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In 23 Years of Living With Chronic Illness, a Doctor Has Never Asked About My Mental Health

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While recovering from my recent hip replacement, many people have asked me the same question: “Are you OK?” Of course, we all know what that means. Are you OK mentally is what they are asking (the word “mentally” often said in hushed tones and through gritted teeth, for fear of the neighbors overhearing). Initially, I answered how I normally would. I said I was OK. But the more I heard the question, the more it occurred to me that throughout the years of going to hospitals, of countless injections and blood tests caused by my struggle with arthritis and even now a hip replacement, all the questions I could remember were about my physical well-being.

I cannot remember the last time a doctor asked how my mental health was.


I frantically tried to think back to days when I was younger, if maybe a doctor had asked when I was too young to even consider the question, but I had no recollection of any such conversation. Perhaps because I was diagnosed with arthritis at such a young age, they assumed there was no need to ask? Perhaps as I grew up, they thought I was dealing with it (most of the time, I was). Maybe I was asked but just can’t remember? But the more I thought back, the more frustrated I became.

I am aware that I do not go to a doctor for my mental health. I see doctors who examine me physically and specifically treat my arthritis. But I am not bothered, to some degree, by the fact I have never been asked if I am alright mentally – I am bothered why I have never been asked.

There are days when I don’t feel like doing anything and want to curl into a ball and cry the day away, but I believe that is normal, right? Of course, there have been times when my arthritis has had an impact on my mental stability, where pain has left me drained and disinterested in activities and relationships. But that’s alright, isn’t it? And sometimes I don’t meet up with friends or I can’t go to work because it is too physically exhausting to lift my foot off the ground. But surely that wouldn’t impact my mental health, right? And there have been times when the pain has been so unbearable, where medication has caused such a volatile reaction from my body that I no longer wanted to be in this world.

But that’s normal, isn’t it?

These are thoughts that have run through my head due to chronic illness. These are thoughts my doctors should have helped me with but never did.

On the whole, I think I am “OK.” I would be concerned if I was not impacted at some point by my illness. What concerns me the most is the blatant lack of acknowledgement from doctors concerning my mental well-being. There have been times where I would have benefitted immensely from talking to someone about my illness and how it affected me. But I was young and afraid. What is worse, nobody showed me I was allowed to speak out. Perhaps doctors merely assume that those with a chronic illness will not be impacted? Perhaps they simply do not have the time to ask. But in an ideal world, what doctors should be saying to people with a chronic illness (or any illness) is, “Has your illness affected you mentally? Because if it has, that is OK. We can help.”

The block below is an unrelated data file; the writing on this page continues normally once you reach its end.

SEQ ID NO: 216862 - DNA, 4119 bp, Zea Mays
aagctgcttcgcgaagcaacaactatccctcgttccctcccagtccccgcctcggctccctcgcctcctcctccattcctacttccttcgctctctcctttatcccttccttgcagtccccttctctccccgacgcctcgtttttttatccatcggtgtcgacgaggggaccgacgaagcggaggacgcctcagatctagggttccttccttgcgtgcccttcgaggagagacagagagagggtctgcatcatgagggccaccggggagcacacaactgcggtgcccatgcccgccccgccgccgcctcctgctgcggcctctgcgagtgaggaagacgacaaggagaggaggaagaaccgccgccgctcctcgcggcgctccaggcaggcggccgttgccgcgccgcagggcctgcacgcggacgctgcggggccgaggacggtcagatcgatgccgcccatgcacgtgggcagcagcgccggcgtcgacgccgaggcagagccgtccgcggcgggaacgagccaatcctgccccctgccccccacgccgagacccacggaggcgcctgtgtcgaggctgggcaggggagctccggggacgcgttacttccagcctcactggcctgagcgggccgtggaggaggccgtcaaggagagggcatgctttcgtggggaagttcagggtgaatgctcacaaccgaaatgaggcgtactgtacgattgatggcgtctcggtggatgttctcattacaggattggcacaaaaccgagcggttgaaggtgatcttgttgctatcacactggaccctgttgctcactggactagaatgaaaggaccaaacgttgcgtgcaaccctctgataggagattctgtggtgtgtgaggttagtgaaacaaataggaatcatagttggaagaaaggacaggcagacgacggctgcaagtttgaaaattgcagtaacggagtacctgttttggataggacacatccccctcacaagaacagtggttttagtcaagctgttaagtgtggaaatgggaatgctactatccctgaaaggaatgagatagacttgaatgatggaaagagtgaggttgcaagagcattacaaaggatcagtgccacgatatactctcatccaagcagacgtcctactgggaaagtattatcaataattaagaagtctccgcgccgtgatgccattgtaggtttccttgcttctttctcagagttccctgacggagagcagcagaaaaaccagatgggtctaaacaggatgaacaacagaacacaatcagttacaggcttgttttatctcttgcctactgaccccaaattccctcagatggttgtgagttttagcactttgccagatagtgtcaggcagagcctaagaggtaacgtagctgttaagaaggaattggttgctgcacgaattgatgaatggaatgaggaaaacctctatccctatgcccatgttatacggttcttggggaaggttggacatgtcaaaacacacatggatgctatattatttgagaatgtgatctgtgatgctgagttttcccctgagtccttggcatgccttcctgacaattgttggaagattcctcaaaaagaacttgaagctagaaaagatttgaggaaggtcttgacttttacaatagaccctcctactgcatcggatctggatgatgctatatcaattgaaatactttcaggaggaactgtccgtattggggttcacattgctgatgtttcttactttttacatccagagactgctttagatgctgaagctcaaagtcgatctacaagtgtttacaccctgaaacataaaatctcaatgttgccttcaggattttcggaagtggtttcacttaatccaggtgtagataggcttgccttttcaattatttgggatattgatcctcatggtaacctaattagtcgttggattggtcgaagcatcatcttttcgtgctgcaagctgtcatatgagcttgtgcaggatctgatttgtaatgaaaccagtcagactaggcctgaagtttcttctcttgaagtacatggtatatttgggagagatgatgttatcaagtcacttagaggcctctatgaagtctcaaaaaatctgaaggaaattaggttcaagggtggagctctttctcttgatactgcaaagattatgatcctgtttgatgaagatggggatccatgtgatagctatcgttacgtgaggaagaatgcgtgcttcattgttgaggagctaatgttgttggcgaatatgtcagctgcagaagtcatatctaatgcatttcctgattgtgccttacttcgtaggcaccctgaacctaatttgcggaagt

Of course, doctors are trained in a specific area. I go primarily to the doctors so they can treat my specific ailment: my arthritis. So surely I am overreacting. Surely, because I see doctors who are there only for my physical illness, I should not “complain” that they do not speculate or aid in my mental health?

But to me, that is still not justifiable. Like so many other issues surrounding mental health, I am trying to make excuses. Especially for people, like me, who have struggled for a long period of time. I have had arthritis for 23 years (all my life). I am shocked a doctor has never thought, “I wonder if this girl is alright. I wonder if she should talk to somebody about how this illness has impacted her life.” But it is evident I am the product of blissful neglect. I have taught myself not to discuss anything about my illness and how it impacts me, but that doesn’t make it right. How are we supposed to know that physical pain causes mental struggling too? How are we supposed to know the effect of a chronic illness on the mind is normal? No one ever said, so how would I have known?

There is such a stigma towards coping with illness; I have actively gone out of my way not to talk about it. It troubles me that when we see someone with a physical impairment, we often forget to acknowledge that they could be mentally affected. It troubles me that so often people are forced to remain silent.

So, to answer the question, “Am I OK?” Yes. I am today. But I won’t always be. So why do people try their hardest to remain ignorant? Why do we still punish ourselves and believe we are “OK” to appease the people around us who are too uncomfortable to talk about it? I am now at peace with my illness, but I wasn’t always. And just because I am dealing with this illness mentally, doesn’t mean somebody else in my position is.

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Thinkstock photo via Dynamic Graphics.

Originally published: September 19, 2017
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